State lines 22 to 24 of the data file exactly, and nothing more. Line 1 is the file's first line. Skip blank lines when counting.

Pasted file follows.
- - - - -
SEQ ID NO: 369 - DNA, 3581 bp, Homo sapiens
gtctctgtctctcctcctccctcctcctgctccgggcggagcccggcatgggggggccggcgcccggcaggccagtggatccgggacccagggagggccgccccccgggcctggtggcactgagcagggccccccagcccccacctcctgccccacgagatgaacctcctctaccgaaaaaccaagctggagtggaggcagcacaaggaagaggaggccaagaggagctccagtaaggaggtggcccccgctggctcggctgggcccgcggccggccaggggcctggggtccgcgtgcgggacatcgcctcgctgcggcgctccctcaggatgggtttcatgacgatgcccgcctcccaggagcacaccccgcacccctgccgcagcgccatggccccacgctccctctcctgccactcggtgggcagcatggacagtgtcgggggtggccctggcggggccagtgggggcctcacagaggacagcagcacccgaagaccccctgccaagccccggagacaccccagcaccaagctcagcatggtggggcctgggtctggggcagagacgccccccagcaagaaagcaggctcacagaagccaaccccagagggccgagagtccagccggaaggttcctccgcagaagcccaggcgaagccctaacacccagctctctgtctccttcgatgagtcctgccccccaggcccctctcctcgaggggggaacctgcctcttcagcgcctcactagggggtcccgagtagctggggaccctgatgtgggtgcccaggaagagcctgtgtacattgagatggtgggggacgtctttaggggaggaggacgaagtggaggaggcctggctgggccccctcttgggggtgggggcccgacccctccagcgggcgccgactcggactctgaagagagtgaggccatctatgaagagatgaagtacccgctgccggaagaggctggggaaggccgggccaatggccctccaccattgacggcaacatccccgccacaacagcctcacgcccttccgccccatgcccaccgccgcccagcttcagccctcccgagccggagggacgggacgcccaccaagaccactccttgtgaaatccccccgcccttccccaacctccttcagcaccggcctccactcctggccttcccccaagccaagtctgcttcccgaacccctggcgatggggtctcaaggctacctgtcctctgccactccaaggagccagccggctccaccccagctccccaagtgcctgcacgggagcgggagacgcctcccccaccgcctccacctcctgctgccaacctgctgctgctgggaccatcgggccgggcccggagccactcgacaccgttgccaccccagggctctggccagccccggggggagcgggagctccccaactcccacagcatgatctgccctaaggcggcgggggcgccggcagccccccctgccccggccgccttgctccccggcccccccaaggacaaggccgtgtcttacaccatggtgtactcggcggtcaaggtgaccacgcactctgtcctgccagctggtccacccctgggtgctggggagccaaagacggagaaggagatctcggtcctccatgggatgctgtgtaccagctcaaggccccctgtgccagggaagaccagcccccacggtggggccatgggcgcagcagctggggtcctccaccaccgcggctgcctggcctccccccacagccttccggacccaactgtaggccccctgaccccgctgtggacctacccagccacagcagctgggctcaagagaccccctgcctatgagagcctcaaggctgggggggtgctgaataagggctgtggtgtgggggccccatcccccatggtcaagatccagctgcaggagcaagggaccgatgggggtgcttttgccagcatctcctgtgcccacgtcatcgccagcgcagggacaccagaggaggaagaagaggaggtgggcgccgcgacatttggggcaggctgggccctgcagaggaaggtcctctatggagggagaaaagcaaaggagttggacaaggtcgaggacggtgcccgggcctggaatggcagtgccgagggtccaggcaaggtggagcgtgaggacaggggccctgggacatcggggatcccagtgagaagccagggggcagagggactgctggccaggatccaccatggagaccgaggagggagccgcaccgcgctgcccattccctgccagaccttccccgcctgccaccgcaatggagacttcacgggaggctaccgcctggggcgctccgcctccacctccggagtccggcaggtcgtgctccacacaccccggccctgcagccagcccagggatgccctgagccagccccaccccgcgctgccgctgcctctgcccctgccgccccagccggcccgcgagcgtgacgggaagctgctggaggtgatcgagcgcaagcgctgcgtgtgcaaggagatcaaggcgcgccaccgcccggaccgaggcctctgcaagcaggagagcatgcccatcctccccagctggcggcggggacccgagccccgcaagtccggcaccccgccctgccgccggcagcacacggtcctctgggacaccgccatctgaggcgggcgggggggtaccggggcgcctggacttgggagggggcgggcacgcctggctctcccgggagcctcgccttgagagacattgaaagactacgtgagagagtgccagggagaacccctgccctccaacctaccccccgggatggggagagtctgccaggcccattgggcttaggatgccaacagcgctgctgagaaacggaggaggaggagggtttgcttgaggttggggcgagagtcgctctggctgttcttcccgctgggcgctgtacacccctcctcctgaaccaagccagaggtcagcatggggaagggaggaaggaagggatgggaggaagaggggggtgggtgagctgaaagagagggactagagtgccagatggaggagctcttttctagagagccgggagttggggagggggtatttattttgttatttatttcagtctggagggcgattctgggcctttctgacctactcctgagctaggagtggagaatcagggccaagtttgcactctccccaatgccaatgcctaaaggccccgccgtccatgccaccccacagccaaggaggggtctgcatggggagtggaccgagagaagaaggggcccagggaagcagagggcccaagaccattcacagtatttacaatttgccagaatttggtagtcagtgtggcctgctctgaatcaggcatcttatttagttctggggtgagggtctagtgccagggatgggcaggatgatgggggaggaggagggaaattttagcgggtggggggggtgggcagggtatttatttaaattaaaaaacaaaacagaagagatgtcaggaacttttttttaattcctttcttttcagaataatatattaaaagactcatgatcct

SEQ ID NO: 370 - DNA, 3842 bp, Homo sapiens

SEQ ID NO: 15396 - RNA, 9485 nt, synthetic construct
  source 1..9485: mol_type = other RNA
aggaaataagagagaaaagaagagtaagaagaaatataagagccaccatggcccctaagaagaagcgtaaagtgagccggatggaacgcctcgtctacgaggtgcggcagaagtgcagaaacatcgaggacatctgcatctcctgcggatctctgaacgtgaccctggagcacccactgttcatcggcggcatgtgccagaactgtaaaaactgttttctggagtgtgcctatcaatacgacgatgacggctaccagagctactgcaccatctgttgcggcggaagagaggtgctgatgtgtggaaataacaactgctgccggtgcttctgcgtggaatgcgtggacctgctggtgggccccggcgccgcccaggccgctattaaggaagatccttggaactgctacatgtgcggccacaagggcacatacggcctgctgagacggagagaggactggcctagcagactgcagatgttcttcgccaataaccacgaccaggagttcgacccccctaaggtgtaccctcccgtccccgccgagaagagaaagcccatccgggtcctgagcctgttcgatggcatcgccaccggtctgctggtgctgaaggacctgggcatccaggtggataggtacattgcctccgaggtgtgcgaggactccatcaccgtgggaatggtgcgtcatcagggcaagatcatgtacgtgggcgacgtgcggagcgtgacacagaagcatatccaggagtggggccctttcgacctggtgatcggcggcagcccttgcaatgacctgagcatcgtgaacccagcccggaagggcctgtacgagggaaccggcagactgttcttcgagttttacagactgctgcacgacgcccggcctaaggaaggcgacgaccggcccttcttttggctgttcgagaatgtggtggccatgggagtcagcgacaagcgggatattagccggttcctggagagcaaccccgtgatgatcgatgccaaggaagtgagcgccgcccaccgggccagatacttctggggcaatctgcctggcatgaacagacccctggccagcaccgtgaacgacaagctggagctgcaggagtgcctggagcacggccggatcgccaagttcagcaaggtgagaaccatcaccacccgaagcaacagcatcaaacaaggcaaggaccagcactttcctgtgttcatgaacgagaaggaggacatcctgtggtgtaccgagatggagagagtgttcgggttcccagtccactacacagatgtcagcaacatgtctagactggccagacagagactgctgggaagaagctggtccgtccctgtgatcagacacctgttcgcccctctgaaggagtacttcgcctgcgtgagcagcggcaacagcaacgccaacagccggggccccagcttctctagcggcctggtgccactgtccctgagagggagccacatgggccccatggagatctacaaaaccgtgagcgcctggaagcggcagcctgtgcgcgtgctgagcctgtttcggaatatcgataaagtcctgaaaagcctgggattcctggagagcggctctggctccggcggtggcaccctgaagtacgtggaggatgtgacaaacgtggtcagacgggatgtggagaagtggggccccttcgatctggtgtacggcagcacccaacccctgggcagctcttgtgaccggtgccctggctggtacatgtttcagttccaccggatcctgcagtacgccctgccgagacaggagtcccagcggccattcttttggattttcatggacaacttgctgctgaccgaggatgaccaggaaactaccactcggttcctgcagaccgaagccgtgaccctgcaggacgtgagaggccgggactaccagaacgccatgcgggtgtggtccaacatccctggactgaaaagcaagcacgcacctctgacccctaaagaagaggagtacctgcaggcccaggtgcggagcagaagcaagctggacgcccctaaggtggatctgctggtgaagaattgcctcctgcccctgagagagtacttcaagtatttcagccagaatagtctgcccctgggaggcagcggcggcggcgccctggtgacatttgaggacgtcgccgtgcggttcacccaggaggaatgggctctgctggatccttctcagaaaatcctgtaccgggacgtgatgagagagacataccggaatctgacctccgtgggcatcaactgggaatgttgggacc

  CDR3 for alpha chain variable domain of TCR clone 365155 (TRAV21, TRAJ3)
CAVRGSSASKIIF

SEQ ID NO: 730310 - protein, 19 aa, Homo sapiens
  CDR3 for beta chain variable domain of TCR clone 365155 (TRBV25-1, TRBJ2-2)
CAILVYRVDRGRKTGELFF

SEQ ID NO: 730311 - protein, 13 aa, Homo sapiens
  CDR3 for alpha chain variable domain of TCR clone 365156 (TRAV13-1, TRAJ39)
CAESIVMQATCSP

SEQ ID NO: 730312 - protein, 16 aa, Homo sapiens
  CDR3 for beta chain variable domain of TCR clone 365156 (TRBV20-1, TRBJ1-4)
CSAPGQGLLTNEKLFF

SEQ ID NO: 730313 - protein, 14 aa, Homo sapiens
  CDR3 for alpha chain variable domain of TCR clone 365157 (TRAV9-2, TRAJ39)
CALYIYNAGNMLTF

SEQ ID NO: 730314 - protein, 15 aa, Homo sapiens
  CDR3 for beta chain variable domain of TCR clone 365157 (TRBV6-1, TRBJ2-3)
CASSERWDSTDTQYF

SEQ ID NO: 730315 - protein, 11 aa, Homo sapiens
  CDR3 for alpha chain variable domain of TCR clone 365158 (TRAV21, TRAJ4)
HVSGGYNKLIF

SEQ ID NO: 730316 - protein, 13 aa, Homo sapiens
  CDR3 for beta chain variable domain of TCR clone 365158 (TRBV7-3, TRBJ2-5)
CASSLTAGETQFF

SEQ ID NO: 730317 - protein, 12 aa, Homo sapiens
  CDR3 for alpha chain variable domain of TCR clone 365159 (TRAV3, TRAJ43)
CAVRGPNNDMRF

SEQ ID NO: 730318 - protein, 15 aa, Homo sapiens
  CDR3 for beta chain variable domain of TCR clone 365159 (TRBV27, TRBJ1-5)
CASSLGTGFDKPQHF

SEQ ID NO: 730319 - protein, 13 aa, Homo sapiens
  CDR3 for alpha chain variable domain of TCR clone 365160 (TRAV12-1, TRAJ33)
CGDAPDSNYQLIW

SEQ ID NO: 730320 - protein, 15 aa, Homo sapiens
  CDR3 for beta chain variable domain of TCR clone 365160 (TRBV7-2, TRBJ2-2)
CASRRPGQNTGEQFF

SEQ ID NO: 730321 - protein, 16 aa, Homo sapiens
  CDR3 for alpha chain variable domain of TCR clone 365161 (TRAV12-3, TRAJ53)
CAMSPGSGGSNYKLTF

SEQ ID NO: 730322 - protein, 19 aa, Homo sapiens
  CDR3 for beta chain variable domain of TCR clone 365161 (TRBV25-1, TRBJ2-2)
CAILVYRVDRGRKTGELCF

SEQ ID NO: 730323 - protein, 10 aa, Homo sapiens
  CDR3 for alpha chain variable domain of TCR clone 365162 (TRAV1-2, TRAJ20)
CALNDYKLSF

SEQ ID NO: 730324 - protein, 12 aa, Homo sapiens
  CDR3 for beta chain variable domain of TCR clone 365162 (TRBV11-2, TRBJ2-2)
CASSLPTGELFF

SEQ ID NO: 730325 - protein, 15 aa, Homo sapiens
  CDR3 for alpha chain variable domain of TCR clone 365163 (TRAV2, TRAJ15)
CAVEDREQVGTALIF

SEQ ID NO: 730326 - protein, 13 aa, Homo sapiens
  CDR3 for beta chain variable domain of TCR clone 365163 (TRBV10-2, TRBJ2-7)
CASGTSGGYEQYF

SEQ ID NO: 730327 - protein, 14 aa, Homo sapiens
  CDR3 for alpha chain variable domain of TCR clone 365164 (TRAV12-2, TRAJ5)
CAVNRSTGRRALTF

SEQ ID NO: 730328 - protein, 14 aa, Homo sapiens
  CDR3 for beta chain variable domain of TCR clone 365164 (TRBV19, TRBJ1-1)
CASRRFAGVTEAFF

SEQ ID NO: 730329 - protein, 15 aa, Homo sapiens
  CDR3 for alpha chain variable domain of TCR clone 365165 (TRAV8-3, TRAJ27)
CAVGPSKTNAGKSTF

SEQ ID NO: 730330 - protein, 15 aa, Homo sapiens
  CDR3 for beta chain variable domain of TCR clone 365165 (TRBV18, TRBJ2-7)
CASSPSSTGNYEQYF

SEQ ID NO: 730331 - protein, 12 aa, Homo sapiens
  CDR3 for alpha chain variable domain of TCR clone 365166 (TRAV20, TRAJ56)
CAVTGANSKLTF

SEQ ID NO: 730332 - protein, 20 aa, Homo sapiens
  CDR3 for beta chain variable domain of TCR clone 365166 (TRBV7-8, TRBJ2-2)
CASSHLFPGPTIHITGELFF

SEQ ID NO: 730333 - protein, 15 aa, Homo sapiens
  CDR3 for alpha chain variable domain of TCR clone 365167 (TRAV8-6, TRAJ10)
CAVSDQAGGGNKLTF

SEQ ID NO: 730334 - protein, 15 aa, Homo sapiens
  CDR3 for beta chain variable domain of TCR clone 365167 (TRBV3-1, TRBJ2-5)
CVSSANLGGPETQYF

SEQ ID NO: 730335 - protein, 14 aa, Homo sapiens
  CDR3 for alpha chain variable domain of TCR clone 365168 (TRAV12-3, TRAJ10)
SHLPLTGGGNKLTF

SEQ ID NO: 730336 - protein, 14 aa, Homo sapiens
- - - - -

  CDR3 for beta chain variable domain of TCR clone 365157 (TRBV6-1, TRBJ2-3)
CASSERWDSTDTQYF

SEQ ID NO: 730315 - protein, 11 aa, Homo sapiens